The Pause That Refreshes
The Pause That Refreshes
Halfway through 2015 the S&P 500 is flat, a refreshing pause from the current stock market advance that began in March 2009. It is now the second longest bull market since 1962 and the third largest in terms of appreciation in over fifty years. The S&P 500 has appreciated 205% since its March low. Only the 301% appreciation from 1990 – 1998 and the 228% bull market of 1982-1987 are larger. This leads to the question, what is left? Of course no one can answer with certainty. A better way to frame the question is: given the difficulty of forecasting, what is your assessment of risk in the financial markets, and is it time to stress the avoidance of loss versus a more aggressive pursuit of positive returns? Before we attempt to answer, it is helpful to review our thesis over the past six years in order to place the current phases of both economic and stock market cycles into a longer term context.
This Time is Different
“This Time is Different” is the title of a quarterly letter we wrote in early 2010 and borrowed from the title of a book written by professors Carmen Reinhart and Kenneth Rogoff. They covered the quantitative history of all the major financial crises on a global basis and the resulting aftermath. Their principle thesis was that in almost every historical case studied spanning what they term the modern time period (1800-2008), subsequent economic growth was difficult and slow for several years. It is important to make two qualifications. First, significant recession years that did not involve a major banking and financial crisis did not qualify. For example in the large declining economy in the early 1920s, recovery was significant and led to the Roaring 20s. Second, this thesis did not cover the stock market, which in many cases had sharp recoveries. Without articulating all the reasons for slow economic recoveries, the significant cause was the very large amount of debt created by governments as a result of extreme pressures on the banking system and financial markets. The average increase in public government debt as a percentage of GDP was 78%, which placed large constraints on sovereign governments’ ability to stimulate fiscal policy. The historical record also documented that many years after the financial crisis, government defaults occurred on sovereign debt where the debt created was far in excess of the average (i.e., Greece). This thesis made sense to our firm and as a result we have consistently been positive on the economy for the past six years, but with the slow growth caveat. As we all now know, the current economic recovery has been the slowest for the United States since the end of World War II.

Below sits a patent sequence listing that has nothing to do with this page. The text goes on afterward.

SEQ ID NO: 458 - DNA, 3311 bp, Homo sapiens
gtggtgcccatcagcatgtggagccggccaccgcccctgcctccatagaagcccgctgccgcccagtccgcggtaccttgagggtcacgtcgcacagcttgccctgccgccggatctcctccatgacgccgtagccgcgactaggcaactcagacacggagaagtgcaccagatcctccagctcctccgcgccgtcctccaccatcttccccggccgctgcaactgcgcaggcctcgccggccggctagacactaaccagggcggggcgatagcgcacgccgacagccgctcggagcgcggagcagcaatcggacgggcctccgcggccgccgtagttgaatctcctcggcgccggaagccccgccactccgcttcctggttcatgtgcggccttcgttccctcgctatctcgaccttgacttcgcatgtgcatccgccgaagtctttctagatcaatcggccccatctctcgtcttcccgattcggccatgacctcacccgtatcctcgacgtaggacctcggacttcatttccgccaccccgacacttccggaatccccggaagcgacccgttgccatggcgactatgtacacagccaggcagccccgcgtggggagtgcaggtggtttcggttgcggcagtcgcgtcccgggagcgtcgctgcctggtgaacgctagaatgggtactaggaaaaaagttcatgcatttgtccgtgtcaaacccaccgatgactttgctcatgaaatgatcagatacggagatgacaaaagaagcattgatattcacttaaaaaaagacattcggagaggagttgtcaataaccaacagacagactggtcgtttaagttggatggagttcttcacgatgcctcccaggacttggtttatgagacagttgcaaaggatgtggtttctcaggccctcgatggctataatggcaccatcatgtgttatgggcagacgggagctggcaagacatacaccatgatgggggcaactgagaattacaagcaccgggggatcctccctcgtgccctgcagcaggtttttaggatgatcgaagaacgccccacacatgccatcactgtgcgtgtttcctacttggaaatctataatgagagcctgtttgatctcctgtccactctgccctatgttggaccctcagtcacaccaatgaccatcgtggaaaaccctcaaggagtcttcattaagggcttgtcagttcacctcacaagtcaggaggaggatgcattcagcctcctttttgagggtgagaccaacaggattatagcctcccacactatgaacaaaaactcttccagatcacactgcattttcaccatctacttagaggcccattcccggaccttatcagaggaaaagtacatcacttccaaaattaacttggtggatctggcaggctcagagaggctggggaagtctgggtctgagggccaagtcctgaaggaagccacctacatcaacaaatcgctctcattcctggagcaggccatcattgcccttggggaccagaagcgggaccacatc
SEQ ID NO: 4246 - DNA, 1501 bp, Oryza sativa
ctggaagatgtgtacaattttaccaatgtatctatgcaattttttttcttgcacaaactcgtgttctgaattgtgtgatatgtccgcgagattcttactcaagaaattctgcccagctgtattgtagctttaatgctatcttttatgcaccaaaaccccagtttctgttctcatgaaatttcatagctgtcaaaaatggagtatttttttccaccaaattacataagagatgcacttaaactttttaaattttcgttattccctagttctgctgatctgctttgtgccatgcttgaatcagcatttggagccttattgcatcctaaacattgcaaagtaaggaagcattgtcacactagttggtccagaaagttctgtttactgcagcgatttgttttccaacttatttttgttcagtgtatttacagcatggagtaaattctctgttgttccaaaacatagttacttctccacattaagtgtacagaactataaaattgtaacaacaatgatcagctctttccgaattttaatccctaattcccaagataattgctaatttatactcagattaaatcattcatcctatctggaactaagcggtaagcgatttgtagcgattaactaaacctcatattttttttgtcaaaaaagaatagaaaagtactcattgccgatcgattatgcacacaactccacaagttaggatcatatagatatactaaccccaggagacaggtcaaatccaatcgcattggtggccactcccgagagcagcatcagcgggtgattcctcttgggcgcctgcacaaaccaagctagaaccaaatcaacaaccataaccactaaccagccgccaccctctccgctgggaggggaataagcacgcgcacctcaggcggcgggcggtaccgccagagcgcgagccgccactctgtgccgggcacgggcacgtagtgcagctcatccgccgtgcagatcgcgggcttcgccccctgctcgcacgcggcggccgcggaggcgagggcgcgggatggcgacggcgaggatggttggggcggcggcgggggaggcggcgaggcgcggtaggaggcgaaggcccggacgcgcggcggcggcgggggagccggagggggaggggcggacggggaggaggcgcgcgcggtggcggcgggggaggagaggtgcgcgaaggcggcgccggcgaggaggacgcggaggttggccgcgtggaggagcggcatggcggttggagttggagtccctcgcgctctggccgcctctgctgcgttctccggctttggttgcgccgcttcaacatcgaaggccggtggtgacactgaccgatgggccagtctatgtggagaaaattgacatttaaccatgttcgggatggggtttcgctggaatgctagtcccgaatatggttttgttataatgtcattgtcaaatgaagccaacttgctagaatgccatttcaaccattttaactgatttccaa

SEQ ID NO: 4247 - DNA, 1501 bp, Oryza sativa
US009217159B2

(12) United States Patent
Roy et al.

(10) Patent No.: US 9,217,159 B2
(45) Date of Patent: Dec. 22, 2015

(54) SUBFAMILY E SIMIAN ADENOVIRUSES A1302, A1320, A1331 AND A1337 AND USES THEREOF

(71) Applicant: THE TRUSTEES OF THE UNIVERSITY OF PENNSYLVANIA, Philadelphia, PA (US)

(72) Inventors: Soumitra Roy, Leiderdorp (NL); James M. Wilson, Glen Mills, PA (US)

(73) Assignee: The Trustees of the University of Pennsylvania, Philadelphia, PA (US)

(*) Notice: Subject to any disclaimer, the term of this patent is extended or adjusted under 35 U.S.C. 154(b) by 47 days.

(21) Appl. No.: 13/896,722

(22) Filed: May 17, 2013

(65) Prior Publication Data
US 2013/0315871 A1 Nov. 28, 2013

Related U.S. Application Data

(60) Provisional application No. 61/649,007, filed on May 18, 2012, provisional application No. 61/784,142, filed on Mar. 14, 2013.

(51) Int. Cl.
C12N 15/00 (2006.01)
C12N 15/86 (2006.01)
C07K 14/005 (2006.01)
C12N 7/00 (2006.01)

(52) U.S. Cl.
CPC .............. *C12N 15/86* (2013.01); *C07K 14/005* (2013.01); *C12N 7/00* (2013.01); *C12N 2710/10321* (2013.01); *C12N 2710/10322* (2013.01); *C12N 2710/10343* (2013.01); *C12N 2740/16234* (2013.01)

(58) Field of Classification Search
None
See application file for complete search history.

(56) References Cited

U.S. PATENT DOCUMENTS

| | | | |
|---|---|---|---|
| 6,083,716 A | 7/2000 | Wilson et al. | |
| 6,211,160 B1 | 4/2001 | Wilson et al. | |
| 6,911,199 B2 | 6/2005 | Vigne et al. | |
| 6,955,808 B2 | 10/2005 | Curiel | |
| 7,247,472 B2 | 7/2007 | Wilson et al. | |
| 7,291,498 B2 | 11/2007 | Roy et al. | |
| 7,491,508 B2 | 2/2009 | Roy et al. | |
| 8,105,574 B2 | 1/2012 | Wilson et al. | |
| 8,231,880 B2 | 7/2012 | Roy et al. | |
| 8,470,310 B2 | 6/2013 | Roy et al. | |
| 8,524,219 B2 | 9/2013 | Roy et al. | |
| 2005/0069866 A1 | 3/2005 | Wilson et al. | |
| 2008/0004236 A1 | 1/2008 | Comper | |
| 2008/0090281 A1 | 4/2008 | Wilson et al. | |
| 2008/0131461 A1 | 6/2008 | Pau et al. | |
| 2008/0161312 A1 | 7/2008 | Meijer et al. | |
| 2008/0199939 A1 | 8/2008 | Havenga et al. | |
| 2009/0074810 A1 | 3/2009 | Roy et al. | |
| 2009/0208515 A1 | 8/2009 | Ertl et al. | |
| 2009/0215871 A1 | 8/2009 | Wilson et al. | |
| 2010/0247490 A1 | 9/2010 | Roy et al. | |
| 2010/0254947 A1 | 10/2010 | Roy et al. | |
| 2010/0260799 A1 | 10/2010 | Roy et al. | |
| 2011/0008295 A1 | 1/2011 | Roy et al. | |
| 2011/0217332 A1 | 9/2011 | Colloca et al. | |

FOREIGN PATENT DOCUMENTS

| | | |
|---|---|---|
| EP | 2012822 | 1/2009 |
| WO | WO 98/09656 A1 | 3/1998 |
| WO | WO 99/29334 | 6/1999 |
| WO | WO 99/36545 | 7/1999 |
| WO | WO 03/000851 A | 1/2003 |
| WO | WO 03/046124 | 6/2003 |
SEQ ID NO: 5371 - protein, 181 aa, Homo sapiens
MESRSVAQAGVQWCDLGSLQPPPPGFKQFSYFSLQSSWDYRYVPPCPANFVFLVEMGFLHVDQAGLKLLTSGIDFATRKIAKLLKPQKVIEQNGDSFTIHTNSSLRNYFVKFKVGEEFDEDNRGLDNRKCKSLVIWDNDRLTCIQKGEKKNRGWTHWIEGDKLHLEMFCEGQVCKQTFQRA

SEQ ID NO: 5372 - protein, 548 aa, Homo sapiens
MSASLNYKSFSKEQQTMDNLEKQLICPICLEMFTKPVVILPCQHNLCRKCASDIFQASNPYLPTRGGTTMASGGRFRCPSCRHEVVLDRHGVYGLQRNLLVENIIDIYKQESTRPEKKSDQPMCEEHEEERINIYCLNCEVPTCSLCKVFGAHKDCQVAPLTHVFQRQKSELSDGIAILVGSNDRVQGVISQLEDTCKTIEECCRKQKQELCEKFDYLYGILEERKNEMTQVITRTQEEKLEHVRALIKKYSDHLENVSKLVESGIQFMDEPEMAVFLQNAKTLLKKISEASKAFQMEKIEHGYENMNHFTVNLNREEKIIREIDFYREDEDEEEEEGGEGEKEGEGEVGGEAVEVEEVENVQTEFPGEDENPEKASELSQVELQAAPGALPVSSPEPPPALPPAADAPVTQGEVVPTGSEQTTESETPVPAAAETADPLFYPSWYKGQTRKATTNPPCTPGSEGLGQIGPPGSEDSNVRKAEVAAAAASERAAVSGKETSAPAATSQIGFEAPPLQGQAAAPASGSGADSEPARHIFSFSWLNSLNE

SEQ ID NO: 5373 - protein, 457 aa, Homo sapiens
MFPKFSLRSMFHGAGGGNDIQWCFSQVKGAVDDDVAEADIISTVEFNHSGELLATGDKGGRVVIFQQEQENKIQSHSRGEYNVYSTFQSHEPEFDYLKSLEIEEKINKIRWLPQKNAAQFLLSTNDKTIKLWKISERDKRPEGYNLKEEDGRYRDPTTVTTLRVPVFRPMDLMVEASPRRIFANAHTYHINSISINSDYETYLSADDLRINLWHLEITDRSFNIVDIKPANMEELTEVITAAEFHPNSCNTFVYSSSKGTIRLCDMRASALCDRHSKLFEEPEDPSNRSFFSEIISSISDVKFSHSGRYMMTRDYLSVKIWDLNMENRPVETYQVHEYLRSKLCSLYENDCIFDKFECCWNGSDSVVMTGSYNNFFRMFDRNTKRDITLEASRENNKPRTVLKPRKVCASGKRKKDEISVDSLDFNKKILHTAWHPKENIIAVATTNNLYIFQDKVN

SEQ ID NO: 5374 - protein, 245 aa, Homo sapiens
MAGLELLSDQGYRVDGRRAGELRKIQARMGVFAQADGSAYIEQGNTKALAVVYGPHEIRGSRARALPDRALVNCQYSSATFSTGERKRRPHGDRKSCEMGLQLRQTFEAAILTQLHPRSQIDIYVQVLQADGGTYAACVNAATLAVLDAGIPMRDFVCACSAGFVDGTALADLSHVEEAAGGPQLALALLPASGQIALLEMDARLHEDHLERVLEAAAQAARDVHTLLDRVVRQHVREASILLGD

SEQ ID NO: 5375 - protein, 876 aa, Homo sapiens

Our approach to the stock market was also positive beginning in late 2008 into early 2009. The 52% decline created not only an atmosphere of extreme pessimism but also very low valuations, especially among great growth companies. Once we saw the massive intervention by the Federal Reserve and the injection of liquidity, we thought the economy would stabilize. As the bull market progressed, we remained positive as pessimism and denial of the bull market remained until 2013 and 2014, keeping valuations reasonable. Bonds remained unattractive under a zero rate monetary policy and the excess money supply flowed into the stock market.